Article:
By the way, there are now 22 members. I hope we can fill up the last two. Applications are open!
W27: Can you tell me a bit more about your participation and triumph at the Infor/FIT Fashion Design ICONS Awards?
SB: This was a competition introduced to me by a professor last semester. It was literally during finals week. I was busy, but still, I applied. My partner Kathleen Grey and I had three weeks to put together this business plan to sell a thousand dresses of a model designed by a FIT fashion design student in three months for Macy’s, then present it in front of some big figures in the fashion industry. The presentation itself was huge. My partner was working, and I was interning. We tried to bounce around it, came to school working from 10 a.m. until 11 p.m. We presented. We won. The dress was worn by social media influencer Olivia Perez at the Harper’s Bazaar ICONS dinner, which was the official kick off event for Fashion Week. Since we won, we got to go, which was pretty cool. My goal for the night was to get a selfie with Kendall Jenner and a photo with 50 Cent, and I did.
W27: You have been elected president and won quite a few awards recently. You must have been busy. What keeps you grounded?
SB: The fact that I know I still waste time and do things that I like, like watching Youtube…I don’t do things that I hate. Deep down, I am pretty nerdy when it comes to getting work done, but that is only when I want to do something. If you give me something which I think is irrelevant, I have no motivation and will do the bare minimum. But if you give me something meaningful, something I am accountable for, that is when I get very invested. I can go for hours without feeling tired.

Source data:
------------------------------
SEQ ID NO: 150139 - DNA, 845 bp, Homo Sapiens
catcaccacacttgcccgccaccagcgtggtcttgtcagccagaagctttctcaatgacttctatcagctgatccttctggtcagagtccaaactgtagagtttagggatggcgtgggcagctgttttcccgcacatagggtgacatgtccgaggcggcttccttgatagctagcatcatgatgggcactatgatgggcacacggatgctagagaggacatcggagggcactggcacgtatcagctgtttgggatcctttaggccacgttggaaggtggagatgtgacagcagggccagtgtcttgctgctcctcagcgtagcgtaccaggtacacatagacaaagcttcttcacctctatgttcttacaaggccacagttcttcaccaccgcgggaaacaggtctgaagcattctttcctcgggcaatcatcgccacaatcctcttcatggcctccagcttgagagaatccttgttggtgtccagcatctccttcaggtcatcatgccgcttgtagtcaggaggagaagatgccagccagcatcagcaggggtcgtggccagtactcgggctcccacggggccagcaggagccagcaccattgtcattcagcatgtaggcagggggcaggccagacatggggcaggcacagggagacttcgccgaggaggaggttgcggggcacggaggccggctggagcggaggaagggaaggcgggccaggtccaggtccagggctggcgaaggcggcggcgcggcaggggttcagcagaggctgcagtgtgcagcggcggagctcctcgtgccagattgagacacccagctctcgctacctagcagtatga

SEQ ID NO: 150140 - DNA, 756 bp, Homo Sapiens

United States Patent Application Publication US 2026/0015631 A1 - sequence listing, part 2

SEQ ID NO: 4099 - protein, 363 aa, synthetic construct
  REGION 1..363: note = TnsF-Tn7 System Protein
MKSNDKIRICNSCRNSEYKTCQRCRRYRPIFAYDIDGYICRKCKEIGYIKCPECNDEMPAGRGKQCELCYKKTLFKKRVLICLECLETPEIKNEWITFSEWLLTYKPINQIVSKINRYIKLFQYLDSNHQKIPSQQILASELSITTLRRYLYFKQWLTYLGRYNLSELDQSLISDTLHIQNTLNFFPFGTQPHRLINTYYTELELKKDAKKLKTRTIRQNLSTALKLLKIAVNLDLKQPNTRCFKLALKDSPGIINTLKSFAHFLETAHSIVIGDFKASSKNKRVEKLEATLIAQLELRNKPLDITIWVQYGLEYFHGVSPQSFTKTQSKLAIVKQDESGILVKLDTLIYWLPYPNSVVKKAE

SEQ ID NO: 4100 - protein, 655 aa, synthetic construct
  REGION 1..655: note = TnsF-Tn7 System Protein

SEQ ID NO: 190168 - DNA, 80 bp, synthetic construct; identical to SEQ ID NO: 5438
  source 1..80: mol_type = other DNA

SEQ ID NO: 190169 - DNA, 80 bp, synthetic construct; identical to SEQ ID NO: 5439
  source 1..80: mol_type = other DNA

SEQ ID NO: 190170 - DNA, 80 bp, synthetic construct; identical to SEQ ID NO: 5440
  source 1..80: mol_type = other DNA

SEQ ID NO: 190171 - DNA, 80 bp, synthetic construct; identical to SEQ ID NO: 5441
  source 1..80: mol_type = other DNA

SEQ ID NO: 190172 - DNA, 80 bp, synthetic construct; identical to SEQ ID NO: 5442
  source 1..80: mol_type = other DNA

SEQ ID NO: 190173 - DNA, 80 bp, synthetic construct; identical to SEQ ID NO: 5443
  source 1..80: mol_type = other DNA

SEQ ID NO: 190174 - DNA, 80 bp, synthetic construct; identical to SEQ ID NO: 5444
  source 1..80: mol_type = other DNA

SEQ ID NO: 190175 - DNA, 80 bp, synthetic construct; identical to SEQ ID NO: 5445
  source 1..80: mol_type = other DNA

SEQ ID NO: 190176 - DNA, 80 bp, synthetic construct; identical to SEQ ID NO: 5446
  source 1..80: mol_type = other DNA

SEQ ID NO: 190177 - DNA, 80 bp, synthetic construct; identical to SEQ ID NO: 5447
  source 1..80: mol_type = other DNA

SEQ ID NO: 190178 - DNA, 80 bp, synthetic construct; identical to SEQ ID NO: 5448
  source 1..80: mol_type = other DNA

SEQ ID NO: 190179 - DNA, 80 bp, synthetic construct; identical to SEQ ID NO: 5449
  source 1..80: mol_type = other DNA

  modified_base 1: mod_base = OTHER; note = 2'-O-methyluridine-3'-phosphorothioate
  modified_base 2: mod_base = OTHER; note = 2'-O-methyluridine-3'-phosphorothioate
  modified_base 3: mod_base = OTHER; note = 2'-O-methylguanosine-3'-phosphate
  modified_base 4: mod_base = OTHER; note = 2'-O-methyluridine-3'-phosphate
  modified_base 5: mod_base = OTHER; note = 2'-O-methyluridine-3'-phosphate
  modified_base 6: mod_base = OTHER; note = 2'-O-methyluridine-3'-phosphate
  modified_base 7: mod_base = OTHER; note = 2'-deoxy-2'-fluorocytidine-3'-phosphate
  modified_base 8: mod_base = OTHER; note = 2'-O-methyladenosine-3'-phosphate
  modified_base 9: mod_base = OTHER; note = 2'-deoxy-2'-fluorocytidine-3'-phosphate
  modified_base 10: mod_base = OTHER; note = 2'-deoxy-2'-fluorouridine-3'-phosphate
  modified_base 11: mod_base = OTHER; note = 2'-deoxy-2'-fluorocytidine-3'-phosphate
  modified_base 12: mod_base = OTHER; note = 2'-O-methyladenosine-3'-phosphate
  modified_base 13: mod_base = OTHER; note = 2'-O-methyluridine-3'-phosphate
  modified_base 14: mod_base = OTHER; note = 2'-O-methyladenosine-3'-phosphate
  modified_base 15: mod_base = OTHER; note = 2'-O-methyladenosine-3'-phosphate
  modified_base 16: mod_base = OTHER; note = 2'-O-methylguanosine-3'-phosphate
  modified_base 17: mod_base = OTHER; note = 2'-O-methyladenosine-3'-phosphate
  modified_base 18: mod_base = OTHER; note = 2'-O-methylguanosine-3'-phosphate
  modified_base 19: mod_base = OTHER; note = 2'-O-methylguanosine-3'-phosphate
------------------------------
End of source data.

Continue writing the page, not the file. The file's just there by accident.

W27: Can you tell me one thing not a lot of people know about you?
SB: Before I came to the U.S., I was always the problem child at school. I nearly got held back when I was 13. The requirement to move on was 50% of the overall grade. I scored 50.3%. When I took my GCSE A levels, which is the thing they do in British style schools, I scored miserably, which was embarrassing. However, when I came to the U.S., I quit smoking and stopped a lot of irresponsible behaviors…I knocked out everything that you think you need to do in college by the time I turned 18. Occasionally, I still go out to a party, but the point is that I have goals now. I had my fun. Everyone in Singapore now wouldn’t believe who I am here. Everyone here wouldn’t believe who I was back home.
W27: If you could give one piece of advice to all FIT students, what would it be?
SB: I always tell my friends this: live your life as if there will be an autobiography about you and people are going to buy that book. You are not going to write that book, because if you do, you lie. How do you want your story to be told? If you want to live it like you’re Mick Jagger, like Obama, or like the Kardashians, please do so. However you want to live it, prepare for it to be your legacy.
This interview was edited for length and clarity.